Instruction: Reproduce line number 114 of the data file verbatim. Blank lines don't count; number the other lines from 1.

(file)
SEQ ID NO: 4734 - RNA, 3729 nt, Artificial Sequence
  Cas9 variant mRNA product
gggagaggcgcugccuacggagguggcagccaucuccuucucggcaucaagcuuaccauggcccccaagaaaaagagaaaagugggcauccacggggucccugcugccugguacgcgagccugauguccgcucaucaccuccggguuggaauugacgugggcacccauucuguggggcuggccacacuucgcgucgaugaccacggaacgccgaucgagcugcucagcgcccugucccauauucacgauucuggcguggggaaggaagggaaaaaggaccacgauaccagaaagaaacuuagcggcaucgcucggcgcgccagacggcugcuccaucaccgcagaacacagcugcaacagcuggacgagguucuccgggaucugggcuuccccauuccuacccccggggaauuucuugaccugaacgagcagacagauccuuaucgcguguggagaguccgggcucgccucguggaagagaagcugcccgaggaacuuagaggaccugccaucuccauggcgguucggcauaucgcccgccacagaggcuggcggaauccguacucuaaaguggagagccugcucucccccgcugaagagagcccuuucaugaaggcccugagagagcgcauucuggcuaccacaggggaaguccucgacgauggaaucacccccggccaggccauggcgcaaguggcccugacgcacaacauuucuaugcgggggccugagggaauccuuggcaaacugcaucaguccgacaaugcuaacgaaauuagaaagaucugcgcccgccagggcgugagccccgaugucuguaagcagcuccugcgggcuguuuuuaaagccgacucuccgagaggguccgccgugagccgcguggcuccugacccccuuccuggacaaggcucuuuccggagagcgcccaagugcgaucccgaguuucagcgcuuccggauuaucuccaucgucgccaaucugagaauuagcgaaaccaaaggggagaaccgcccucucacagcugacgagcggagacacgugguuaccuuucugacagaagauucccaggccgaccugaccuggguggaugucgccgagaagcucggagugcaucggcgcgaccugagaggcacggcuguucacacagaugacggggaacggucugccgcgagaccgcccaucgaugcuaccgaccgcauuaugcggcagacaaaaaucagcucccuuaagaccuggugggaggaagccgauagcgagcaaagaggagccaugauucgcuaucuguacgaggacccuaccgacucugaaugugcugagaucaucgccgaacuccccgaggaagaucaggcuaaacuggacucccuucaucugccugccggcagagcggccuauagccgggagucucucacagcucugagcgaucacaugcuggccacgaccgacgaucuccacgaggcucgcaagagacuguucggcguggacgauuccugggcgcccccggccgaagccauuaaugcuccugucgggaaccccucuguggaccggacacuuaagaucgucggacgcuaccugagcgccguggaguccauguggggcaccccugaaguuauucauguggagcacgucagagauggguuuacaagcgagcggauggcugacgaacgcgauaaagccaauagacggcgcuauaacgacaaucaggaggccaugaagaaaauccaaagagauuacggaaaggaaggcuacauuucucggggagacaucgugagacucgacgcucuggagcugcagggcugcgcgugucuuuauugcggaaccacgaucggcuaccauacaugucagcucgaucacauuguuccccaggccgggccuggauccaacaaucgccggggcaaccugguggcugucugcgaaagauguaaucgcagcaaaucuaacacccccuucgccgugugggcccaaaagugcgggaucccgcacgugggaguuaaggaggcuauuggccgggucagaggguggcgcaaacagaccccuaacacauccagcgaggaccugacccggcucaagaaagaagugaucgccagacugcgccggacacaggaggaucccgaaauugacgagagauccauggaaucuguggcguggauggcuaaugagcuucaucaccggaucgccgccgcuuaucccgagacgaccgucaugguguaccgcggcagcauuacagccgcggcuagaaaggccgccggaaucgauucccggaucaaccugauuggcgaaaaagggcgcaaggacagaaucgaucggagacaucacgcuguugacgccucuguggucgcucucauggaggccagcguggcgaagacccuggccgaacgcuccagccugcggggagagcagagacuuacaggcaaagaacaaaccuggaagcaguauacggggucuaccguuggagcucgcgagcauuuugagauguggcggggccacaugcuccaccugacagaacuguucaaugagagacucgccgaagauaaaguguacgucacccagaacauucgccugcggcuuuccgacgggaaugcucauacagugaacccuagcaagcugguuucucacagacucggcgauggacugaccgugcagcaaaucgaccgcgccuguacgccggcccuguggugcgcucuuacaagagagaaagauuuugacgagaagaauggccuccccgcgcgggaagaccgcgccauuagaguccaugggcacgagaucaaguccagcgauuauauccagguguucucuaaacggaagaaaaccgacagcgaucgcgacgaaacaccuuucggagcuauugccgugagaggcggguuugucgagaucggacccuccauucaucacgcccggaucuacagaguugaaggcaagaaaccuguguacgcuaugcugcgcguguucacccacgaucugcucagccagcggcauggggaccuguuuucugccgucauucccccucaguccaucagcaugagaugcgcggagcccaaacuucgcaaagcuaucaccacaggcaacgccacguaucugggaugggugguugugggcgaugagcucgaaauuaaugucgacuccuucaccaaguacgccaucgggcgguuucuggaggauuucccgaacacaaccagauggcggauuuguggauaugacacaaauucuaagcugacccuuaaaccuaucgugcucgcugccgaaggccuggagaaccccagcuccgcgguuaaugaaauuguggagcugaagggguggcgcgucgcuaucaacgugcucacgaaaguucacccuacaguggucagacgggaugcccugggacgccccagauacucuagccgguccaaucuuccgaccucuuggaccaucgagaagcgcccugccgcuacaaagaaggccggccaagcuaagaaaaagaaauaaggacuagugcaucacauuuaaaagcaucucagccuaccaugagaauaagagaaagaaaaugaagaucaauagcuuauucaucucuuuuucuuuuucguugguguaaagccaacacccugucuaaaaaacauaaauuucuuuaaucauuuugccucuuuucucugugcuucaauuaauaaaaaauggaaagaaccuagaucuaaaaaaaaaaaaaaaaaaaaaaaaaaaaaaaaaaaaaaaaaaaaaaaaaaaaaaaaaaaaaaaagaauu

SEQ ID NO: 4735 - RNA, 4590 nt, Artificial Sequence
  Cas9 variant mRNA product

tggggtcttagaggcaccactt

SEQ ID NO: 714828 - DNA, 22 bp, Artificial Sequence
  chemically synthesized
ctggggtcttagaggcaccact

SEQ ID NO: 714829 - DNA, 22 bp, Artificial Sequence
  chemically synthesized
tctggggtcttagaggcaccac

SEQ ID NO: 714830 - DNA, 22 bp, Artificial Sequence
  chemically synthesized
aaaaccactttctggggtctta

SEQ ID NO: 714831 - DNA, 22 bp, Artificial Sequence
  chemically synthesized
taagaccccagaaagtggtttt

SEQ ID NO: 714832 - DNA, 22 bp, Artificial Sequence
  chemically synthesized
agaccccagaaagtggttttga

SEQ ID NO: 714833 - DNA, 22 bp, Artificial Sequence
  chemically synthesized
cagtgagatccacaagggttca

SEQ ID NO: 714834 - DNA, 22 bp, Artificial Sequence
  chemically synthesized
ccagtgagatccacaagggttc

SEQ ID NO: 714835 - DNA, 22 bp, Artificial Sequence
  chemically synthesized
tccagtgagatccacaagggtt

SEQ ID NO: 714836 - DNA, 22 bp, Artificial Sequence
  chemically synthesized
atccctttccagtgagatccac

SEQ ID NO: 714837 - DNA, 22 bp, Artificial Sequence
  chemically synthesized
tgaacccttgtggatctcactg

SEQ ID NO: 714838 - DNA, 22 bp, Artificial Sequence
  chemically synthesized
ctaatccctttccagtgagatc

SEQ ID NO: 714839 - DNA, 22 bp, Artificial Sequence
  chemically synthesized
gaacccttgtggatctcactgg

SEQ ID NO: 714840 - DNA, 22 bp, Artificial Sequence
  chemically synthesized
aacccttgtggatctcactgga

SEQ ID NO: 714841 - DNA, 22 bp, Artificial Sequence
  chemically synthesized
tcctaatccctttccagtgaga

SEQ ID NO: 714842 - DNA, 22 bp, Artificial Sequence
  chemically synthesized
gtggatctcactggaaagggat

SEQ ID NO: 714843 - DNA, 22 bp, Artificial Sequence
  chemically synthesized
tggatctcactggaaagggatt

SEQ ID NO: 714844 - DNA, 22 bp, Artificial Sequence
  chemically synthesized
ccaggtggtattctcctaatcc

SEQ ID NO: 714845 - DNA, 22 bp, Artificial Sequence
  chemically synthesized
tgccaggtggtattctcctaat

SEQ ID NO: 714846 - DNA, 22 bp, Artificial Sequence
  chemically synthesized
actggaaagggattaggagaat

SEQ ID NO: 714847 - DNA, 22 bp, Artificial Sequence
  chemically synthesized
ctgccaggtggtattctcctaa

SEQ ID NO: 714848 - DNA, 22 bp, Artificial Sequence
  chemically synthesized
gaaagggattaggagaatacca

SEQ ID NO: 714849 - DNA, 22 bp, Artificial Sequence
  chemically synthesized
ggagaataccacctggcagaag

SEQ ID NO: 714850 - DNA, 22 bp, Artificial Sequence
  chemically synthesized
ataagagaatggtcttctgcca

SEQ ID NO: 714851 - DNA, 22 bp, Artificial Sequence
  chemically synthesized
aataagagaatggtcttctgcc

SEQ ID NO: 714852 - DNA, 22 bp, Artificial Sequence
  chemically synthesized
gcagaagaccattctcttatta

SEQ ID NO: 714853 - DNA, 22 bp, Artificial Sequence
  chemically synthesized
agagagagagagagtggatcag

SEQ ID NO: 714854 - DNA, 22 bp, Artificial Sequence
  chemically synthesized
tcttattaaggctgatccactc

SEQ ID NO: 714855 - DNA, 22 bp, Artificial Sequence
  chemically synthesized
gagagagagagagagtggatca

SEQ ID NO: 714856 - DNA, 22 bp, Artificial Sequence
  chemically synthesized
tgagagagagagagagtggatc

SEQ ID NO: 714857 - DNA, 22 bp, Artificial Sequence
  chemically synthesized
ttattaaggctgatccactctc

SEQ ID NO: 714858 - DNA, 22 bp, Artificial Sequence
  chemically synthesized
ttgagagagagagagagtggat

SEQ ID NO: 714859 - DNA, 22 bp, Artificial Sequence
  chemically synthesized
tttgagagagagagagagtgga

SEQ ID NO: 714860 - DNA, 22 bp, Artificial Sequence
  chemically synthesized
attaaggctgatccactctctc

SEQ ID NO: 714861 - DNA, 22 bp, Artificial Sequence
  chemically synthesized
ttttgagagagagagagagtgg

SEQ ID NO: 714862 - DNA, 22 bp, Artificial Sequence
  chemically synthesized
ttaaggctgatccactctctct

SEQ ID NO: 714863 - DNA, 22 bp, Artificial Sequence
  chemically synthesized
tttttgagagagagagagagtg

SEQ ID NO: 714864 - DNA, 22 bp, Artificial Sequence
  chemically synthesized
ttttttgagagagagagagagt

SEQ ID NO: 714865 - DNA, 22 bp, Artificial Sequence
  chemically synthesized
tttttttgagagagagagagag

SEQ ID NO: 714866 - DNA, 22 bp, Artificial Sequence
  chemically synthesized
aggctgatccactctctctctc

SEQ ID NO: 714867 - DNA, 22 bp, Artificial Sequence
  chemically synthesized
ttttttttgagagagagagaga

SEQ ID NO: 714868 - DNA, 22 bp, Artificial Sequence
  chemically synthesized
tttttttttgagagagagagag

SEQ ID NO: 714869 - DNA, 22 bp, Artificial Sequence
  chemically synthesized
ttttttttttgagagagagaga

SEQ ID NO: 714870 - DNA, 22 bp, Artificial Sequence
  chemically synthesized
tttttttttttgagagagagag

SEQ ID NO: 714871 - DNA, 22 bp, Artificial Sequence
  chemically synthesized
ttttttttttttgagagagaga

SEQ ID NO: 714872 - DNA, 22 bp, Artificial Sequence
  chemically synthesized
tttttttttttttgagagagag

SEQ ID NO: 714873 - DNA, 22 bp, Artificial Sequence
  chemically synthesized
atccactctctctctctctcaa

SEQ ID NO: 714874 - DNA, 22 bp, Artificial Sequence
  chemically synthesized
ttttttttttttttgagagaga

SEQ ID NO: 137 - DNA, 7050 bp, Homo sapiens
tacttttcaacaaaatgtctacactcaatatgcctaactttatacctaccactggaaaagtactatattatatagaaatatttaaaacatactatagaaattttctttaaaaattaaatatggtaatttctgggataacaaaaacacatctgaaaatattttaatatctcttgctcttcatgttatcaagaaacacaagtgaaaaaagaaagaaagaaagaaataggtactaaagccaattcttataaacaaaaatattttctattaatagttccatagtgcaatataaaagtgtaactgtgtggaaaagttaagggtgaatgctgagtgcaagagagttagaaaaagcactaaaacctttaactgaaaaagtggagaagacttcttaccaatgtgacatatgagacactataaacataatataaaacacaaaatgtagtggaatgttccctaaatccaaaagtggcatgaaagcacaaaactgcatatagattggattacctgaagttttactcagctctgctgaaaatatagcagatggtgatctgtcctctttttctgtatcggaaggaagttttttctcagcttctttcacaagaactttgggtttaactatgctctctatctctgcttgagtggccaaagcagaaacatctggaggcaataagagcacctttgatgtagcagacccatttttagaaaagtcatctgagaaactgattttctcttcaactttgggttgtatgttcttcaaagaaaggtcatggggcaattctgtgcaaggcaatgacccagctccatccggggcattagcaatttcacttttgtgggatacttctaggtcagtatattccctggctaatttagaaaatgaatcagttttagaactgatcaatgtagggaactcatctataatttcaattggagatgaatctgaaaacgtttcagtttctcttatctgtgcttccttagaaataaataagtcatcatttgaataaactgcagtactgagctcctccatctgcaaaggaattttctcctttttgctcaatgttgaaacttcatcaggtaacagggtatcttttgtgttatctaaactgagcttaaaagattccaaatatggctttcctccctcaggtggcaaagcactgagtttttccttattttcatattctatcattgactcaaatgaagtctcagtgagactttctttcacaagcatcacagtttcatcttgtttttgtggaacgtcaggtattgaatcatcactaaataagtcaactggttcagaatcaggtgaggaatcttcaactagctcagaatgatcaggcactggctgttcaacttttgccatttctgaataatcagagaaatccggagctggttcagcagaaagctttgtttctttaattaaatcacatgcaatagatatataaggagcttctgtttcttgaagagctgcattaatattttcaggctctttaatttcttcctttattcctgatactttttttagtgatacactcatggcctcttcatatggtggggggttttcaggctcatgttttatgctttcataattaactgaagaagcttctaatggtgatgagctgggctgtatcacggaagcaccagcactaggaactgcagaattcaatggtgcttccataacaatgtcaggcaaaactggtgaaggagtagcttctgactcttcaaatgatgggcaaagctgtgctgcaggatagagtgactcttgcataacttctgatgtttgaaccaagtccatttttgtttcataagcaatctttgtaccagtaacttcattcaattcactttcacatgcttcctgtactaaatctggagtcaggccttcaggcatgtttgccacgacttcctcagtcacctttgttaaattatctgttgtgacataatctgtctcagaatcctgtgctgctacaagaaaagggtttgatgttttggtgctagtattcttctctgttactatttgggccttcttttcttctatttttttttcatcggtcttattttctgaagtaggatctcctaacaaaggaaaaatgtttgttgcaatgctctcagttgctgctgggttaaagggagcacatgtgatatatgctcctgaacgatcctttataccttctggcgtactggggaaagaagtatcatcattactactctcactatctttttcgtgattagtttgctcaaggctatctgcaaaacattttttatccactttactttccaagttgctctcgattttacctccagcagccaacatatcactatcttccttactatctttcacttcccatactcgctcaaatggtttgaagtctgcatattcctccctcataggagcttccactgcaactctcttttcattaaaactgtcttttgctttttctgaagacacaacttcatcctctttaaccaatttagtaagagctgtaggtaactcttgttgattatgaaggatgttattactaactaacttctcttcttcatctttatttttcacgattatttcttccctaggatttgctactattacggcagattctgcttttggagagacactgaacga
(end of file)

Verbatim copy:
tttttgagagagagagagagtg